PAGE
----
Collecting taxes: Have you tried playing nice?

The Federal Board of Revenue has been advised to minimise interaction with them.

Shahbaz Rana August 21, 2011
Collecting taxes: Have you tried playing nice?


As the government struggles to meet its tax collection targets, the World Bank and the United States have suggested a different approach: instead of harassing taxpayers, the Federal Board of Revenue (FBR) has been advised to minimise interaction with them and base tax demands on actual evidence, rather than collection targets.

Against the backdrop of rising complaints about harassment by tax officials, the FBR held a meeting on Monday to decide between two approaches – the first that would continue the current model which ends up making tax payments a pain for the average citizen but suits the civil service’s bureaucratic style, or a different model that may rely on less interaction but, experts say, produces better results.

FBR officials currently send tax notices to companies and individuals based on its own internal parameters without properly going over the records of the taxpayer, said sources. Tax officials then send an audit notice or a tax demand, which creates panic amongst the taxpayers who receive them.

Having those tax demands adjusted to reflect real income as opposed to FBR estimates can be quite a chore, which in turn frustrates and angers the less than 2 per cent of Pakistanis who are registered as active taxpayers.

According to the plan being proposed, the FBR would first analyse all available data, match it with third party records, and find substantive evidence of any potential problems before sending an audit notice. A provisional tax demand, according to the proposal, would also be raised only based on a similar evidence-based procedure.

“There has to be paradigm shift in audit policy. There is no room for harassment of taxpayers due to increasing scrutiny,” said an official of the FBR audit department.  He said that provisional tax demands are often raised based on the FBR’s own collection targets rather than any indication of wrongdoing on the part of the taxpayer.

The plan is being pushed by the Competitive Support Fund, a joint venture between the finance ministry and the United States Agency for International Development to help Pakistan’s economy become more competitive.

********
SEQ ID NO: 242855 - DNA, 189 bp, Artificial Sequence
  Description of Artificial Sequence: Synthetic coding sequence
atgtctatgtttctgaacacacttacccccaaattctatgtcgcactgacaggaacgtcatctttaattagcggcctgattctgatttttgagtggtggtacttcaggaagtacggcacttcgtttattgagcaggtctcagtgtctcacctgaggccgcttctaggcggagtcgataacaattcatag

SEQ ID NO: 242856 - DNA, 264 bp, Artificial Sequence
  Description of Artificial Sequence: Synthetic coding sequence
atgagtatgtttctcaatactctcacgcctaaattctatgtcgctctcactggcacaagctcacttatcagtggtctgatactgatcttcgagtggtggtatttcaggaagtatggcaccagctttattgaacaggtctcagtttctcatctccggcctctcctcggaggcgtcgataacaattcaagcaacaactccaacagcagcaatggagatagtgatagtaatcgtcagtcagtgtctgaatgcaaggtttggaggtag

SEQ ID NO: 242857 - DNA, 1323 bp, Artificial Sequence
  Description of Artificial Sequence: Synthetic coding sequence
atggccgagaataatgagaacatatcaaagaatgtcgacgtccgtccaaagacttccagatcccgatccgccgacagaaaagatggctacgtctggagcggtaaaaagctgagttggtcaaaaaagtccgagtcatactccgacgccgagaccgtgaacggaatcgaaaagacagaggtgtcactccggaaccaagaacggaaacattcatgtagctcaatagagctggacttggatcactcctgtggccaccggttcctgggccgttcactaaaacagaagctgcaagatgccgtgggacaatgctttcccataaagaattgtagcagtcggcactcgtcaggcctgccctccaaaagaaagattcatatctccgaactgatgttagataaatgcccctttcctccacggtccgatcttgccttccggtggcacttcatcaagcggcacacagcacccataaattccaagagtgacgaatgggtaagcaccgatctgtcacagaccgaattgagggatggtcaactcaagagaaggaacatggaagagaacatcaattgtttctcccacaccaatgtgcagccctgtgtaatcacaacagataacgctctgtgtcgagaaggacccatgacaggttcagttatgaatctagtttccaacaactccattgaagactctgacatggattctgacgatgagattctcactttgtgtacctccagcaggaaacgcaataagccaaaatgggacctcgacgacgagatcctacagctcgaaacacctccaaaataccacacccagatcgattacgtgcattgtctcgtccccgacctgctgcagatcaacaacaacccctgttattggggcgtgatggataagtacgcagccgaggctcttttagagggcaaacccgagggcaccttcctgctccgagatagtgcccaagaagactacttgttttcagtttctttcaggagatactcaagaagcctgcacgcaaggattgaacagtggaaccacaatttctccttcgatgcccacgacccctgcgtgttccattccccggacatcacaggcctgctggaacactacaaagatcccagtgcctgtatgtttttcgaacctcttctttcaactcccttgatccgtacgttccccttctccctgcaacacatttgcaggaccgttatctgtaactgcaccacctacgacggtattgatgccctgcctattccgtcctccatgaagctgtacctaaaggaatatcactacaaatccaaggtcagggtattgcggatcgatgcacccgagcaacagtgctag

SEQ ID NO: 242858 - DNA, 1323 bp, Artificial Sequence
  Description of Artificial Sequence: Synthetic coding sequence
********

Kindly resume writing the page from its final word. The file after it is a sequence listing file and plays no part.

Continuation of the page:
In terms of ease of paying taxes, Pakistan currently ranks 145th out of a total of 183 countries according to the World Bank’s 2011 Doing Business report.

Many experts see a direct correlation between Pakistan’s high tax evasion rates (the government estimates around 44 per cent of all taxes owed are never paid) and the difficulty in paying taxes.

The World Bank has proposed that the government establish a Central Audit Taskforce to introduce an element of accountability for the field officers who send audit notices to taxpayers. The Inland Revenue Service  has backed the proposal.

Published in The Express Tribune, August 21st, 2011.


Billoo Bhaya | 12 years ago | Reply

@TightDhoti: They did not come back from the Gulag. It will serve the Pakistani tax dodgers equally well. To start with Zardari, Sharif Brothers, all the MNA's, MPAs and Nazims, then Bureaucratic families. Did you know that when Salman Farooqi was arrested in the 1990s the police found Rs 14 crores in cash in his home. Then in lockers they found millions in foreign currency and jewelry. And now he is given the Nations Award. They are all traitors and deserve worse but the Gulag would be like a holiday.

Meekal Ahmed | 12 years ago | Reply

The author makes some good points. The fact that we are ranked 145th says it all.

A central audit task-force will comprise the same crooks as they are over-seeing.

The whole approach needs to be re-worked. In the advanced economies, you file your returns. That is considered full and final settlement. You can file on-line as well. No one bothers you.

If you go through a tax preparing firm, so much the better. They, not you, are responsbile for any errors.

However, there is an audit system. You MAY be audited. So you are required by law (in the US for example) to keep all your documents for SEVEN years in case your name comes up in the random audit. Even if you are audited, you are allowed an error/misdecleration of upto 15% and not pay any penalty.

All said and done, this tinkering with the edges will not do. We need a wholsale and drastic re-working of the tax regime. We don't need to re-invent the wheel. There are successful tax collection models in other developing countries. Study them and choose "best-practice".

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